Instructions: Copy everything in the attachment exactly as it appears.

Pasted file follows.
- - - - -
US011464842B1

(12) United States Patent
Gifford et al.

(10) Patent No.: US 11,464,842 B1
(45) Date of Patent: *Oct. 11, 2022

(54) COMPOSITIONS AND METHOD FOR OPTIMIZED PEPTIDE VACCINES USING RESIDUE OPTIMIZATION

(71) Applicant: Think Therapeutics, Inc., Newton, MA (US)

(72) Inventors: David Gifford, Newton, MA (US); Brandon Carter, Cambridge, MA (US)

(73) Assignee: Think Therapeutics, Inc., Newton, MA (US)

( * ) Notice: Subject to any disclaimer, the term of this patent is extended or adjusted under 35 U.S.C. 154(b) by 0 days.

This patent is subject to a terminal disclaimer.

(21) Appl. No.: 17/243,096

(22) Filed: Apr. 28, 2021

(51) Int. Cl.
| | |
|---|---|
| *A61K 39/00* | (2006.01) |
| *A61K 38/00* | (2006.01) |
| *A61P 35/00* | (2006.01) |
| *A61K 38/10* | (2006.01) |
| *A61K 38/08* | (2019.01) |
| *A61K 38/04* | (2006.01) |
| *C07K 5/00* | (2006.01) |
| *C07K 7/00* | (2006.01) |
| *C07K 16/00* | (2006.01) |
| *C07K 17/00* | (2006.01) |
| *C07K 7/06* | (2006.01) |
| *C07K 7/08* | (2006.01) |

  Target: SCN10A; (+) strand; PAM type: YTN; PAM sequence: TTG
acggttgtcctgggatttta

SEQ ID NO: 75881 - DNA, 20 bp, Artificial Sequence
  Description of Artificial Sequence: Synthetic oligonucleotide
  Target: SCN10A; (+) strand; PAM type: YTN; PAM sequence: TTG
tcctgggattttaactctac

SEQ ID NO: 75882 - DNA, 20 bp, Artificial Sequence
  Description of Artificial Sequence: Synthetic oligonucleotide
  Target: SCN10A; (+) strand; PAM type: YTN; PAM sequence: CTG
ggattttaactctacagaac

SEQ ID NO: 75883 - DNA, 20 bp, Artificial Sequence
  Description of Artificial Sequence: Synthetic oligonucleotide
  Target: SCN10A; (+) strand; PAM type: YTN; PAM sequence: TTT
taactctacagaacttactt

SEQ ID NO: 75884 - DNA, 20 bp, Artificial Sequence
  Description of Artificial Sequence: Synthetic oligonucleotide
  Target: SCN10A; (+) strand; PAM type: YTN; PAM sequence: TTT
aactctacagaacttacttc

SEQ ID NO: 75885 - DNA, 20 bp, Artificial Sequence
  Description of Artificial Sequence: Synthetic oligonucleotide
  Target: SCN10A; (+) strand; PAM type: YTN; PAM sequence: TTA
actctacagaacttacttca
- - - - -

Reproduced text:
US011464842B1

(12) United States Patent
Gifford et al.

(10) Patent No.: US 11,464,842 B1
(45) Date of Patent: *Oct. 11, 2022

(54) COMPOSITIONS AND METHOD FOR OPTIMIZED PEPTIDE VACCINES USING RESIDUE OPTIMIZATION

(71) Applicant: Think Therapeutics, Inc., Newton, MA (US)

(72) Inventors: David Gifford, Newton, MA (US); Brandon Carter, Cambridge, MA (US)

(73) Assignee: Think Therapeutics, Inc., Newton, MA (US)

( * ) Notice: Subject to any disclaimer, the term of this patent is extended or adjusted under 35 U.S.C. 154(b) by 0 days.

This patent is subject to a terminal disclaimer.

(21) Appl. No.: 17/243,096

(22) Filed: Apr. 28, 2021

(51) Int. Cl.
| | |
|---|---|
| *A61K 39/00* | (2006.01) |
| *A61K 38/00* | (2006.01) |
| *A61P 35/00* | (2006.01) |
| *A61K 38/10* | (2006.01) |
| *A61K 38/08* | (2019.01) |
| *A61K 38/04* | (2006.01) |
| *C07K 5/00* | (2006.01) |
| *C07K 7/00* | (2006.01) |
| *C07K 16/00* | (2006.01) |
| *C07K 17/00* | (2006.01) |
| *C07K 7/06* | (2006.01) |
| *C07K 7/08* | (2006.01) |

  Target: SCN10A; (+) strand; PAM type: YTN; PAM sequence: TTG
acggttgtcctgggatttta

SEQ ID NO: 75881 - DNA, 20 bp, Artificial Sequence
  Description of Artificial Sequence: Synthetic oligonucleotide
  Target: SCN10A; (+) strand; PAM type: YTN; PAM sequence: TTG
tcctgggattttaactctac

SEQ ID NO: 75882 - DNA, 20 bp, Artificial Sequence
  Description of Artificial Sequence: Synthetic oligonucleotide
  Target: SCN10A; (+) strand; PAM type: YTN; PAM sequence: CTG
ggattttaactctacagaac

SEQ ID NO: 75883 - DNA, 20 bp, Artificial Sequence
  Description of Artificial Sequence: Synthetic oligonucleotide
  Target: SCN10A; (+) strand; PAM type: YTN; PAM sequence: TTT
taactctacagaacttactt

SEQ ID NO: 75884 - DNA, 20 bp, Artificial Sequence
  Description of Artificial Sequence: Synthetic oligonucleotide
  Target: SCN10A; (+) strand; PAM type: YTN; PAM sequence: TTT
aactctacagaacttacttc

SEQ ID NO: 75885 - DNA, 20 bp, Artificial Sequence
  Description of Artificial Sequence: Synthetic oligonucleotide
  Target: SCN10A; (+) strand; PAM type: YTN; PAM sequence: TTA
actctacagaacttacttca